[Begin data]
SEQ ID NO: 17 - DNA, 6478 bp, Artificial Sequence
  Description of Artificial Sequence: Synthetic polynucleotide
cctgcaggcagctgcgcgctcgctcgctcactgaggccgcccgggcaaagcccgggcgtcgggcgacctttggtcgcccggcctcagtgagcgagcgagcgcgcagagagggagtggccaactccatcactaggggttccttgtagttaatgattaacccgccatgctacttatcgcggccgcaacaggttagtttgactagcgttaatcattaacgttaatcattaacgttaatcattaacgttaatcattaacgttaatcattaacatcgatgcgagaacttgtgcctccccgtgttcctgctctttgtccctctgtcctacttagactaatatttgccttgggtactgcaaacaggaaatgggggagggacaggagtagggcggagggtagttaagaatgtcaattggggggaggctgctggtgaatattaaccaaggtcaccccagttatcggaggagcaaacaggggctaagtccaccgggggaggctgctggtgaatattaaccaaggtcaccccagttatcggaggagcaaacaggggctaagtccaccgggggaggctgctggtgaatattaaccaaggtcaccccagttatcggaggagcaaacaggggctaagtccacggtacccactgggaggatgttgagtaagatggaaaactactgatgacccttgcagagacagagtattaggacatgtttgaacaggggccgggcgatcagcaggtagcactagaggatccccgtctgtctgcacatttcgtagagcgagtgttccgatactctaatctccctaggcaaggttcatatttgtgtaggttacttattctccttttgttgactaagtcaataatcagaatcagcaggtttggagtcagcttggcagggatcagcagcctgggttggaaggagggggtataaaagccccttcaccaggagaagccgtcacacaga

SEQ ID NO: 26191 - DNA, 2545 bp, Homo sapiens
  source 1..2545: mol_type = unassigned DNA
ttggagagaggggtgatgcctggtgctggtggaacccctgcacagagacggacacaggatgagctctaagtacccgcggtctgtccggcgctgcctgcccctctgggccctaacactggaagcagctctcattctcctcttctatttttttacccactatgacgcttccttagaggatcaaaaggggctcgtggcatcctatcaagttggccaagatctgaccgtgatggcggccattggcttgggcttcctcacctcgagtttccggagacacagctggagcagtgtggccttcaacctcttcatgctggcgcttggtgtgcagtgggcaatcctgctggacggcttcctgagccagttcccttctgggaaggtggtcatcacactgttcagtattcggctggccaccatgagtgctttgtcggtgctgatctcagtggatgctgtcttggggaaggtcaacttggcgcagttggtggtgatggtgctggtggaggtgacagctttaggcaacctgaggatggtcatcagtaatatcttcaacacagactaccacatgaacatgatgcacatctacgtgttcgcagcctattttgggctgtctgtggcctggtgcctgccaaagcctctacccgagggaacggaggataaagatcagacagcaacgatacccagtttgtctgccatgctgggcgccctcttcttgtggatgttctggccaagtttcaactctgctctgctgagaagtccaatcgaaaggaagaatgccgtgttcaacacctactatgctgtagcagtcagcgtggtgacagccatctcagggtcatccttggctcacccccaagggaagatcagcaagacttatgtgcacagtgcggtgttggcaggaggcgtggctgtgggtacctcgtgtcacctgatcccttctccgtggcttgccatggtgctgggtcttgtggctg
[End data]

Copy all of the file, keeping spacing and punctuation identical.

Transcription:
SEQ ID NO: 17 - DNA, 6478 bp, Artificial Sequence
  Description of Artificial Sequence: Synthetic polynucleotide
cctgcaggcagctgcgcgctcgctcgctcactgaggccgcccgggcaaagcccgggcgtcgggcgacctttggtcgcccggcctcagtgagcgagcgagcgcgcagagagggagtggccaactccatcactaggggttccttgtagttaatgattaacccgccatgctacttatcgcggccgcaacaggttagtttgactagcgttaatcattaacgttaatcattaacgttaatcattaacgttaatcattaacgttaatcattaacatcgatgcgagaacttgtgcctccccgtgttcctgctctttgtccctctgtcctacttagactaatatttgccttgggtactgcaaacaggaaatgggggagggacaggagtagggcggagggtagttaagaatgtcaattggggggaggctgctggtgaatattaaccaaggtcaccccagttatcggaggagcaaacaggggctaagtccaccgggggaggctgctggtgaatattaaccaaggtcaccccagttatcggaggagcaaacaggggctaagtccaccgggggaggctgctggtgaatattaaccaaggtcaccccagttatcggaggagcaaacaggggctaagtccacggtacccactgggaggatgttgagtaagatggaaaactactgatgacccttgcagagacagagtattaggacatgtttgaacaggggccgggcgatcagcaggtagcactagaggatccccgtctgtctgcacatttcgtagagcgagtgttccgatactctaatctccctaggcaaggttcatatttgtgtaggttacttattctccttttgttgactaagtcaataatcagaatcagcaggtttggagtcagcttggcagggatcagcagcctgggttggaaggagggggtataaaagccccttcaccaggagaagccgtcacacaga

SEQ ID NO: 26191 - DNA, 2545 bp, Homo sapiens
  source 1..2545: mol_type = unassigned DNA
ttggagagaggggtgatgcctggtgctggtggaacccctgcacagagacggacacaggatgagctctaagtacccgcggtctgtccggcgctgcctgcccctctgggccctaacactggaagcagctctcattctcctcttctatttttttacccactatgacgcttccttagaggatcaaaaggggctcgtggcatcctatcaagttggccaagatctgaccgtgatggcggccattggcttgggcttcctcacctcgagtttccggagacacagctggagcagtgtggccttcaacctcttcatgctggcgcttggtgtgcagtgggcaatcctgctggacggcttcctgagccagttcccttctgggaaggtggtcatcacactgttcagtattcggctggccaccatgagtgctttgtcggtgctgatctcagtggatgctgtcttggggaaggtcaacttggcgcagttggtggtgatggtgctggtggaggtgacagctttaggcaacctgaggatggtcatcagtaatatcttcaacacagactaccacatgaacatgatgcacatctacgtgttcgcagcctattttgggctgtctgtggcctggtgcctgccaaagcctctacccgagggaacggaggataaagatcagacagcaacgatacccagtttgtctgccatgctgggcgccctcttcttgtggatgttctggccaagtttcaactctgctctgctgagaagtccaatcgaaaggaagaatgccgtgttcaacacctactatgctgtagcagtcagcgtggtgacagccatctcagggtcatccttggctcacccccaagggaagatcagcaagacttatgtgcacagtgcggtgttggcaggaggcgtggctgtgggtacctcgtgtcacctgatcccttctccgtggcttgccatggtgctgggtcttgtggctg